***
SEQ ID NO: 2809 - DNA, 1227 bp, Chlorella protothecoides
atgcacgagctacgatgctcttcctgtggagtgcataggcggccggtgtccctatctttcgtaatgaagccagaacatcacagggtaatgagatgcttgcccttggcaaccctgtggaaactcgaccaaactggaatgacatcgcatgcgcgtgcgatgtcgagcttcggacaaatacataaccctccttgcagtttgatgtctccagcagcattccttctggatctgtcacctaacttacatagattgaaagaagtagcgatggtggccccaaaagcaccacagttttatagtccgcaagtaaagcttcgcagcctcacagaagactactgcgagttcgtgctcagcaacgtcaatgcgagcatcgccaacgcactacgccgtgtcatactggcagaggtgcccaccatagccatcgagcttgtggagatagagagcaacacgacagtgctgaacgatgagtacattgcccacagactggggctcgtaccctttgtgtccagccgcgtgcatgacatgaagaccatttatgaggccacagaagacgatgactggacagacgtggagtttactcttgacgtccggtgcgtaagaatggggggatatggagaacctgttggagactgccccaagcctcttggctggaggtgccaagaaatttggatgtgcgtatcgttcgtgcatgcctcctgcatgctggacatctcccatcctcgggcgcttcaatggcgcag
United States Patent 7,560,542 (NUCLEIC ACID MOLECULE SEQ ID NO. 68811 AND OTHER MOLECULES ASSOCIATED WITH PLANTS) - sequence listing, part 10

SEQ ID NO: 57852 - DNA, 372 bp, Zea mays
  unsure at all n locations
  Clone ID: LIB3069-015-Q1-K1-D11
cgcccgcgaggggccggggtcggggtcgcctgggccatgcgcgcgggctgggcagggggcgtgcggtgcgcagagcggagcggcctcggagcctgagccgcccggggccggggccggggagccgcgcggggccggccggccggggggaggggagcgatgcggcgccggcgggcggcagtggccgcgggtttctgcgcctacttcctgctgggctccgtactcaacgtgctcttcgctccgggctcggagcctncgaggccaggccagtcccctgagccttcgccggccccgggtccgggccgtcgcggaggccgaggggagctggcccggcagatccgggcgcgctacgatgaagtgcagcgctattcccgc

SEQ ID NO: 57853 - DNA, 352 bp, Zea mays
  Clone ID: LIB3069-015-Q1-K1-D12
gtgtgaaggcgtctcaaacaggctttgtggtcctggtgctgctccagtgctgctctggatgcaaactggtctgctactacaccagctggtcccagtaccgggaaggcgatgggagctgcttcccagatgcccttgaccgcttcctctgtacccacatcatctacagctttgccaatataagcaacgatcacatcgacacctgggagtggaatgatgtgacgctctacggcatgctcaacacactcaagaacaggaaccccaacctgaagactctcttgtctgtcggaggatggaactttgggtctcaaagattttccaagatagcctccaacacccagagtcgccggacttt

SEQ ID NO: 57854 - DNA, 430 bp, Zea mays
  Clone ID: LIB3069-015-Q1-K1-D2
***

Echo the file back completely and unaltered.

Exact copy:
SEQ ID NO: 2809 - DNA, 1227 bp, Chlorella protothecoides
atgcacgagctacgatgctcttcctgtggagtgcataggcggccggtgtccctatctttcgtaatgaagccagaacatcacagggtaatgagatgcttgcccttggcaaccctgtggaaactcgaccaaactggaatgacatcgcatgcgcgtgcgatgtcgagcttcggacaaatacataaccctccttgcagtttgatgtctccagcagcattccttctggatctgtcacctaacttacatagattgaaagaagtagcgatggtggccccaaaagcaccacagttttatagtccgcaagtaaagcttcgcagcctcacagaagactactgcgagttcgtgctcagcaacgtcaatgcgagcatcgccaacgcactacgccgtgtcatactggcagaggtgcccaccatagccatcgagcttgtggagatagagagcaacacgacagtgctgaacgatgagtacattgcccacagactggggctcgtaccctttgtgtccagccgcgtgcatgacatgaagaccatttatgaggccacagaagacgatgactggacagacgtggagtttactcttgacgtccggtgcgtaagaatggggggatatggagaacctgttggagactgccccaagcctcttggctggaggtgccaagaaatttggatgtgcgtatcgttcgtgcatgcctcctgcatgctggacatctcccatcctcgggcgcttcaatggcgcag
United States Patent 7,560,542 (NUCLEIC ACID MOLECULE SEQ ID NO. 68811 AND OTHER MOLECULES ASSOCIATED WITH PLANTS) - sequence listing, part 10

SEQ ID NO: 57852 - DNA, 372 bp, Zea mays
  unsure at all n locations
  Clone ID: LIB3069-015-Q1-K1-D11
cgcccgcgaggggccggggtcggggtcgcctgggccatgcgcgcgggctgggcagggggcgtgcggtgcgcagagcggagcggcctcggagcctgagccgcccggggccggggccggggagccgcgcggggccggccggccggggggaggggagcgatgcggcgccggcgggcggcagtggccgcgggtttctgcgcctacttcctgctgggctccgtactcaacgtgctcttcgctccgggctcggagcctncgaggccaggccagtcccctgagccttcgccggccccgggtccgggccgtcgcggaggccgaggggagctggcccggcagatccgggcgcgctacgatgaagtgcagcgctattcccgc

SEQ ID NO: 57853 - DNA, 352 bp, Zea mays
  Clone ID: LIB3069-015-Q1-K1-D12
gtgtgaaggcgtctcaaacaggctttgtggtcctggtgctgctccagtgctgctctggatgcaaactggtctgctactacaccagctggtcccagtaccgggaaggcgatgggagctgcttcccagatgcccttgaccgcttcctctgtacccacatcatctacagctttgccaatataagcaacgatcacatcgacacctgggagtggaatgatgtgacgctctacggcatgctcaacacactcaagaacaggaaccccaacctgaagactctcttgtctgtcggaggatggaactttgggtctcaaagattttccaagatagcctccaacacccagagtcgccggacttt

SEQ ID NO: 57854 - DNA, 430 bp, Zea mays
  Clone ID: LIB3069-015-Q1-K1-D2